It is still controversial which treatment is suitable for patients with m3 to sm1 tumor invasion. In this study, we found that the proportion of number and regions of lymph node involvement in SESC patients increased from m1 to sm3. Univariate analyses identified that the tumor invasion depth of submucosa (sm1 to sm3) is a risk factor for LNM (p < 0.001). And on multivariate analysis, compared with mucosal infiltration, the presence of submucosal infiltration was presented to be an independent prognostic factor for nodal metastases (p = 0.005). These data are in line with several studies reported before [18, 25, 30, 32]. Therefore, we confirmed that ER is not a suitable treatment for patients with sm1 lesions. We also found some differences between sm1, sm2, and sm3. Compared with sm2 to sm3 lesions, tumors of sm1 lesions presented lower incidence of metastases. And the number and regions of positive lymph nodes also increased from sm1 to sm2 to sm3. Thus, the extent of lymphadenectomy remains controversial. Furthermore, due to the relatively low incidence of LNM, we recommend ER as a curative treatment for patients with m3 carcinoma who have no angiolymphatic invasion, with well tumor differentiation (I + I–II), and tumor < 2 cm in size.

Last but not the least, it is very important whether a true assessment of the depth of m3 invasion can be obtained from ER accurately. In fact, the exact preoperative differentiation between m3 and sm1 lesions is difficult due to limitations of ER, such as the piecemeal resection, incomplete thickness of the submucosa damaged by injection and cutting, and sample shrinking due to electrocution damage or the muscularis mucosae wrinkle. Besides, a technically well-performed resection and an accurate description of the invasion relative to the deep and lateral resection margins both perform important roles in the final report. Considering these aforementioned situations, if there is any hesitation in the final report of m3 invasion, SR should be recommended as a remedial treatment.

Conclusions

For patients with SESC, EUS T staging and chest MSCT are highly recommended as preoperative routines (PET-CT is optional) to evaluate any metastasis. When node metastasis to mediastinum can be ruled out, we propose that ER be considered as a reliable treatment for m1 to m2 lesions and SR be the standard and irreplaceable therapy for sm2 to sm3 lesions. However, due to the relatively high prevalence of lymph node for sm1 tumors, we must be aware of the fact that ER for even superficial submucosal tumors should be considered with caution. Therefore, we recommend that patients with sm1 tumors should undergo esophagectomy with radical lymphadenectomy as the only effective treatment. As we have to aim at decreasing the operative trauma, morbidity, and mortality without compromising the presence of potential tumor cells, the treatment strategy for m3 lesions still remains controversial. We recommend ER as the initial procedure for diagnosis. Then, a successful pathologic report is needed to support this treatment. This successful pathologic report includes not only the accurate description of the tumor’s invasion depth (only muscularis mucosa invasion) but also the absence of any risk predictors for LNM as well as the unambiguous description of the tumor’s deep and lateral resection margins (without any invasion of the resection margins). Otherwise, SR is recommended for those m3 lesions with any hesitation on the reports of tumor description by both gastroenterologists and pathologists. Last, SR is recommended for sm1 lesions confirmed by EUS and for those with positive mediastinum lymph nodes indicated by MSCT or PET-CT.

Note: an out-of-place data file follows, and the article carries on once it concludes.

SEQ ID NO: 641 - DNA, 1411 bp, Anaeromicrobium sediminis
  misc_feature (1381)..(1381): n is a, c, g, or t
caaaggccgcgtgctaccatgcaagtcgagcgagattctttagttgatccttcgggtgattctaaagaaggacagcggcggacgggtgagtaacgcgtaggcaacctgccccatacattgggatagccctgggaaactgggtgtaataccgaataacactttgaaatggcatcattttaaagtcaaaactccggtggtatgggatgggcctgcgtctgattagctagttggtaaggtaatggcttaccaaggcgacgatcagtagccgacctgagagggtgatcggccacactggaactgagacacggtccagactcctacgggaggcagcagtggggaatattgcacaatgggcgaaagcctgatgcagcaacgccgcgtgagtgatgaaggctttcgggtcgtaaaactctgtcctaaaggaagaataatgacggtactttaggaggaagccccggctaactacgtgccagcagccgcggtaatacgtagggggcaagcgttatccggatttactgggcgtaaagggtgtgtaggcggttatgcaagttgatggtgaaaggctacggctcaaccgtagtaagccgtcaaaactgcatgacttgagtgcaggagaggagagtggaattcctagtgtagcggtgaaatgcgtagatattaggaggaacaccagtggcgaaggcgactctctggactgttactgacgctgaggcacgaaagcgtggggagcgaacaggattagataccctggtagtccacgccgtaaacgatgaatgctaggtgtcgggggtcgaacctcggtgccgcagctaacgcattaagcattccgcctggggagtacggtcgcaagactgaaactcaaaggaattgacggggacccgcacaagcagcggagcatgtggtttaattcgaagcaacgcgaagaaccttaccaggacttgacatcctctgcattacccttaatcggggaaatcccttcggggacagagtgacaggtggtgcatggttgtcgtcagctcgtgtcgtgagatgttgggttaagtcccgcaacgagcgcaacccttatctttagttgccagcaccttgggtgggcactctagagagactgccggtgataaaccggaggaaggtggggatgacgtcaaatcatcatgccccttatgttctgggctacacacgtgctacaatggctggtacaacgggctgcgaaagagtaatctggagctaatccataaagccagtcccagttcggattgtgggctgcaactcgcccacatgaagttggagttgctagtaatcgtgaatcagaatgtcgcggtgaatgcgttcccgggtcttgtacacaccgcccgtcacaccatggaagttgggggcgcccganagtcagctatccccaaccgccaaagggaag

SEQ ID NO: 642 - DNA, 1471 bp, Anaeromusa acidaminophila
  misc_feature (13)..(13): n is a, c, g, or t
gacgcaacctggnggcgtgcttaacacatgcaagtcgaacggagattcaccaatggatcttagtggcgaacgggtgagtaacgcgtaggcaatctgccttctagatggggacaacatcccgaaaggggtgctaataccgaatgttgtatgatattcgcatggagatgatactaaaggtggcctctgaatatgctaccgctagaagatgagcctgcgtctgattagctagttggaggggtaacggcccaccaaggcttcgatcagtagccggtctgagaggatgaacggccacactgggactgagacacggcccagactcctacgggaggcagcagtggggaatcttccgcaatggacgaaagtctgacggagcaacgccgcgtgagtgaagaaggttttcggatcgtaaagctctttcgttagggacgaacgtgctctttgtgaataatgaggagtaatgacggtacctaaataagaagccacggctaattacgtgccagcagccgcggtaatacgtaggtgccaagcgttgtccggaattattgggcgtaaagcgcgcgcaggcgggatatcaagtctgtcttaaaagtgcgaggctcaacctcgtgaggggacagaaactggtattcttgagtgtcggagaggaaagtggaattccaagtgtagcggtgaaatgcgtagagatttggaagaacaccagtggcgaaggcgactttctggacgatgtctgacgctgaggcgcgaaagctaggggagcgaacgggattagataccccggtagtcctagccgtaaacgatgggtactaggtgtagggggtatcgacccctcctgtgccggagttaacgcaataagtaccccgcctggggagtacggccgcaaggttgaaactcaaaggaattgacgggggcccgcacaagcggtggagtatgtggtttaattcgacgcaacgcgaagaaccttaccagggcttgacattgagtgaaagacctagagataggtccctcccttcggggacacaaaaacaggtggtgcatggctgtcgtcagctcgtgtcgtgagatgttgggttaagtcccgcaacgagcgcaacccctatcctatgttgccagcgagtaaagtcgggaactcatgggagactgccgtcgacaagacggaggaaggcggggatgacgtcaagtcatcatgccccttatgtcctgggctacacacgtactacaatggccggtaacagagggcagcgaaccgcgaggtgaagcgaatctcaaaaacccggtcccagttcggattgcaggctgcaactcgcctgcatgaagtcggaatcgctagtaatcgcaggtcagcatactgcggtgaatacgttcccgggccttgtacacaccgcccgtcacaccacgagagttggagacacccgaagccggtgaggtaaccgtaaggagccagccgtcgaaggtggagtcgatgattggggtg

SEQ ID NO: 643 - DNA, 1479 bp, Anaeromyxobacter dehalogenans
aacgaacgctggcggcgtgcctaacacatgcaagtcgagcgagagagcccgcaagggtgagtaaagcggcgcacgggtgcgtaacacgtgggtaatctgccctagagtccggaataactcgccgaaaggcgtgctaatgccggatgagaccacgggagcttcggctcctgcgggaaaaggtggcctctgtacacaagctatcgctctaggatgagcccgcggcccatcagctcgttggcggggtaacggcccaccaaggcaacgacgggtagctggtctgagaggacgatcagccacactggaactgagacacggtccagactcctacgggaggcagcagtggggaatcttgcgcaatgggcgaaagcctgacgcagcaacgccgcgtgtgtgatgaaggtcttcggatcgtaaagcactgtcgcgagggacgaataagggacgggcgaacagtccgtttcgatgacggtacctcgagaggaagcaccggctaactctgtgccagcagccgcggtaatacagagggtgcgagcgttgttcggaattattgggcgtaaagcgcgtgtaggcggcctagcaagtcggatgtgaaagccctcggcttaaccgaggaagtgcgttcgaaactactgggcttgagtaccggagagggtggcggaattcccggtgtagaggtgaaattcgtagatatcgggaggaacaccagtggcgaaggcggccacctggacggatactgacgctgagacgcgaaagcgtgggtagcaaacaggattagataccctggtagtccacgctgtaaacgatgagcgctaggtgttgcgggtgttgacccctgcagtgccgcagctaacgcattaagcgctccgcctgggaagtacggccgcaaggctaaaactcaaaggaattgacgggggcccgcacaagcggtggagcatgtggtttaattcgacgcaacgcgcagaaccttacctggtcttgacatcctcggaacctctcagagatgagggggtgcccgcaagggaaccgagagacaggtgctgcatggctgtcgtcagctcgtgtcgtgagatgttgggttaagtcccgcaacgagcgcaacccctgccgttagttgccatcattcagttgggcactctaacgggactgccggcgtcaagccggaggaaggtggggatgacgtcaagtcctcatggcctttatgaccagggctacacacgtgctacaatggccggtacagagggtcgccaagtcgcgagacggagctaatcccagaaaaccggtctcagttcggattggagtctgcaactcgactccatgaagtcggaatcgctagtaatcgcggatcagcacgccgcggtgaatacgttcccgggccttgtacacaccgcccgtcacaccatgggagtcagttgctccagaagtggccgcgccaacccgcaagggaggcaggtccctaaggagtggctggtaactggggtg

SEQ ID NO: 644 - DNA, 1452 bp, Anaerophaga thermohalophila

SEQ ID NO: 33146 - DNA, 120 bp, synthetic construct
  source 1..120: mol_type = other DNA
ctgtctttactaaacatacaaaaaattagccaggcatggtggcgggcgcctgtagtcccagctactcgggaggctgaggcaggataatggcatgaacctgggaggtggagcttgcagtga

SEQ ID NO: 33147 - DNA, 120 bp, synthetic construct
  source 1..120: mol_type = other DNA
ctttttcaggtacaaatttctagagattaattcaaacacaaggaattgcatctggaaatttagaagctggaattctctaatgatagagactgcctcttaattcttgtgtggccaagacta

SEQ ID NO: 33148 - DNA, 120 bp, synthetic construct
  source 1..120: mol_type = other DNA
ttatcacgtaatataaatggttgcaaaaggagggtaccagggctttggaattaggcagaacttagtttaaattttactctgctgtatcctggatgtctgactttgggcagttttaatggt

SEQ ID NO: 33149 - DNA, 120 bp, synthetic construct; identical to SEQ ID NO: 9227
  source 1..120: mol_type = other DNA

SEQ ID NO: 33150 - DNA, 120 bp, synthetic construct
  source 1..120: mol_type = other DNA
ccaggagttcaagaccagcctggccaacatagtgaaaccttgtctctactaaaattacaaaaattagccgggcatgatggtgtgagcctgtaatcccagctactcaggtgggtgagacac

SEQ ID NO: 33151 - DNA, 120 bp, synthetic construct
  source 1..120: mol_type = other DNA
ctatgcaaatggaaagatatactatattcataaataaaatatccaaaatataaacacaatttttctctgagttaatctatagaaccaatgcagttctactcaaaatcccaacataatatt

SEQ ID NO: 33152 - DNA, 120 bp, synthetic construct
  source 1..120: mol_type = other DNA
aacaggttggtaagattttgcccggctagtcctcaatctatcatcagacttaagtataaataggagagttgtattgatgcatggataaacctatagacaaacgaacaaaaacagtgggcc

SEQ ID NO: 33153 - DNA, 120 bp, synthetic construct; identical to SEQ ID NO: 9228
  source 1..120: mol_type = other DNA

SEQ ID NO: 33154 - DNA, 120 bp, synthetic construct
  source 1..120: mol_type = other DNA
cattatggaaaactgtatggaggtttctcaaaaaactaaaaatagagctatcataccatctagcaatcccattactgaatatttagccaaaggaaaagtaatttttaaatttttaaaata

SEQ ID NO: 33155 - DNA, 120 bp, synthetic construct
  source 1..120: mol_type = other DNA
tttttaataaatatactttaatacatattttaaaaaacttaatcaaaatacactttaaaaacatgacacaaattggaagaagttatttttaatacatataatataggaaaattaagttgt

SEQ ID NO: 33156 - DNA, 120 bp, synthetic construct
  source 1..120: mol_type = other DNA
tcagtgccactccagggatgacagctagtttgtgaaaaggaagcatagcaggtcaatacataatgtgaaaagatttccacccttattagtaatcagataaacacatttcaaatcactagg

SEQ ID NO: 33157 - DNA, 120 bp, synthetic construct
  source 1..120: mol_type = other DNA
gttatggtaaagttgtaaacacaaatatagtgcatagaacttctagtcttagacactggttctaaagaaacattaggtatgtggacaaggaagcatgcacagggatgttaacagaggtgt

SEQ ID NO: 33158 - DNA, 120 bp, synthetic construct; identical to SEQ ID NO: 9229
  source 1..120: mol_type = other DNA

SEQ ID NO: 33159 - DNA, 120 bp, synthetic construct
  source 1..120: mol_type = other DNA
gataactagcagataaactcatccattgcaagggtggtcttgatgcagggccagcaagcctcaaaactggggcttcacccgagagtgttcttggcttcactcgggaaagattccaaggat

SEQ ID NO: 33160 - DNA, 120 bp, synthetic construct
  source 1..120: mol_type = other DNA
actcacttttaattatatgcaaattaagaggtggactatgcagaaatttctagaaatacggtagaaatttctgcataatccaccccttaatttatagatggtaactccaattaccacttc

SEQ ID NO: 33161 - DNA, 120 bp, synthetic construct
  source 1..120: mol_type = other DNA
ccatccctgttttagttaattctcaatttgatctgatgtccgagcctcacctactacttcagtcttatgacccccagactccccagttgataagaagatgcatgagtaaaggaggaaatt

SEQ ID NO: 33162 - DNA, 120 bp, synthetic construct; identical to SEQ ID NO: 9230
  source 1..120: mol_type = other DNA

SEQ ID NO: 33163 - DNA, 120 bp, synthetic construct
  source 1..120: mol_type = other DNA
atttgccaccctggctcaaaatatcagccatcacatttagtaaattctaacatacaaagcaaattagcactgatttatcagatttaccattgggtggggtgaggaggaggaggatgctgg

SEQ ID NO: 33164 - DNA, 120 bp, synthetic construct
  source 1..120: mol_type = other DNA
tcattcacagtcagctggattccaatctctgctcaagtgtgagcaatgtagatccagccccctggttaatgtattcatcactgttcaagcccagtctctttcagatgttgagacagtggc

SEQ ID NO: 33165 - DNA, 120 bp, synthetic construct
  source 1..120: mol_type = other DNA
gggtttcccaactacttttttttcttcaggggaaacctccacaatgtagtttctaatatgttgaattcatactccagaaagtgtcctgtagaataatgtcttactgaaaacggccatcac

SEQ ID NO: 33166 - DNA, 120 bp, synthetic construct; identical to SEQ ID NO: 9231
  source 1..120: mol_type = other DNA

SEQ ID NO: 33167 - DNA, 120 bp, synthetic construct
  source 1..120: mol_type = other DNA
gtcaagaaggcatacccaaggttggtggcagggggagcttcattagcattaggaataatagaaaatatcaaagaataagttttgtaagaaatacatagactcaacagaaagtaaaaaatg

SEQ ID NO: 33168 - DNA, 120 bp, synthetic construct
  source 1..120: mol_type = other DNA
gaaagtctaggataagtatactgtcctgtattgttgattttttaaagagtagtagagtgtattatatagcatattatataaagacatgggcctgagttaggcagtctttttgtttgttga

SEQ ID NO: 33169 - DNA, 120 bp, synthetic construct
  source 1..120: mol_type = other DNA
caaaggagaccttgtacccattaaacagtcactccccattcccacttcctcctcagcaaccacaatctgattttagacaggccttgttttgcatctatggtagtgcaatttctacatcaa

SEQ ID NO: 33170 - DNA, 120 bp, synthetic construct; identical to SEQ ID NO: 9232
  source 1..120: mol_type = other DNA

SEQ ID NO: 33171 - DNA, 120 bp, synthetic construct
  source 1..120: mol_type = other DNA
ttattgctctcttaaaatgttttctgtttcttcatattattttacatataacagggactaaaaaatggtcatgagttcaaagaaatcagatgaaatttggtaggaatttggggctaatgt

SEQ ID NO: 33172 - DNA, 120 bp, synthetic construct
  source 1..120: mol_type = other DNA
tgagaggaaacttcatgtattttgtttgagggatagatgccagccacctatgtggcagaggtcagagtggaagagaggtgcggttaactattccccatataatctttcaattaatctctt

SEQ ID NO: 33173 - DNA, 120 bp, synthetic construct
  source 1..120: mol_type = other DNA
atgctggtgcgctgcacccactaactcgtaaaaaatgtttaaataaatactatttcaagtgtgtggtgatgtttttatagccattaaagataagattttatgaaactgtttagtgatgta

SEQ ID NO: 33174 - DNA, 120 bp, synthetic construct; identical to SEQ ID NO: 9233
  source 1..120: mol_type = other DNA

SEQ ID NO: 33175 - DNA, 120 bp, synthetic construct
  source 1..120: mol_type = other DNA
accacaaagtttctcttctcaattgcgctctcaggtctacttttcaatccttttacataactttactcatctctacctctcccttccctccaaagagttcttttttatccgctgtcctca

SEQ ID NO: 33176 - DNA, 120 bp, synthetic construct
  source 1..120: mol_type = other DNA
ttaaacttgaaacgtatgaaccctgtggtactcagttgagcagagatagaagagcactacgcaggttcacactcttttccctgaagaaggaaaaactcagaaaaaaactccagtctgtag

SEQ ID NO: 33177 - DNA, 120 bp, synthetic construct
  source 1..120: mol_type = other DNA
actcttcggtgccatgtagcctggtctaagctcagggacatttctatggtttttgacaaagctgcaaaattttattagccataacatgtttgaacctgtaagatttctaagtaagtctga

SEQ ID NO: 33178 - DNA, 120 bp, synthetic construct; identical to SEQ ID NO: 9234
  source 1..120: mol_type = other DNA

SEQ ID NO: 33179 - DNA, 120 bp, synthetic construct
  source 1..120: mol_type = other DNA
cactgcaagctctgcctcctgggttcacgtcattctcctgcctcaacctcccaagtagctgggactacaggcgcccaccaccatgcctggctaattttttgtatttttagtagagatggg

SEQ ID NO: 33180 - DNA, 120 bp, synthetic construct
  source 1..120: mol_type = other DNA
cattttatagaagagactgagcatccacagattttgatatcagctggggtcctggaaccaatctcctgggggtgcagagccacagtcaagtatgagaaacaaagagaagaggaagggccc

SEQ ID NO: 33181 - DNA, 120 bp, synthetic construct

Abbreviations

ER: 

Endoscopic resection

LNM: 

Lymph node metastasis

MSCT: 

Multi-slice computed tomography

SESC: 

Superficial esophageal squamous carcinoma

SR: 

Radical surgical resection

Declarations

Acknowledgements

Not applicable.

Funding

This research was supported by the Natural Science Foundation of Jiangsu Provence (Grant No. BK20151589).

Availability of data and materials

The datasets supporting the conclusions of this article are included within the article.

Authors’ contributions

YZ, JD, and WW conceived and designed the study and drafted the manuscript. HL carried out the pathologic examinations and immunohistochemical analysis. YZ, JD, JL, and LC collected the data. JL and LC performed the statistical analysis and helped to draft the manuscript. WW contributed the materials/analysis tools. All authors read and approved the final manuscript.

Competing interests

The authors have reported to the World Journal of Surgical Oncology that no potential conflicts of interest exist with any companies/organizations whose products or services may be discussed in this manuscript.

Consent for publication

Not applicable.

Ethics approval and consent to participate

This study was conducted in accordance with the amended Declaration of Helsinki. The approval of the Ethical Committee of Nanjing Medical University was obtained (project approval no. 2015-SRFA-131). The written informed consent from either the patients or their representatives was waived due to the retrospective nature of this study in accordance with the American Medical Association.

Open AccessThis article is distributed under the terms of the Creative Commons Attribution 4.0 International License (http://creativecommons.org/licenses/by/4.0/), which permits unrestricted use, distribution, and reproduction in any medium, provided you give appropriate credit to the original author(s) and the source, provide a link to the Creative Commons license, and indicate if changes were made. The Creative Commons Public Domain Dedication waiver (http://creativecommons.org/publicdomain/zero/1.0/) applies to the data made available in this article, unless otherwise stated.

Authors’ Affiliations

(1)
Department of Cardiothoracic Surgery, First Affiliated Hospital of Nanjing Medical University
(2)
Department of Pathology, First Affiliated Hospital of Nanjing Medical University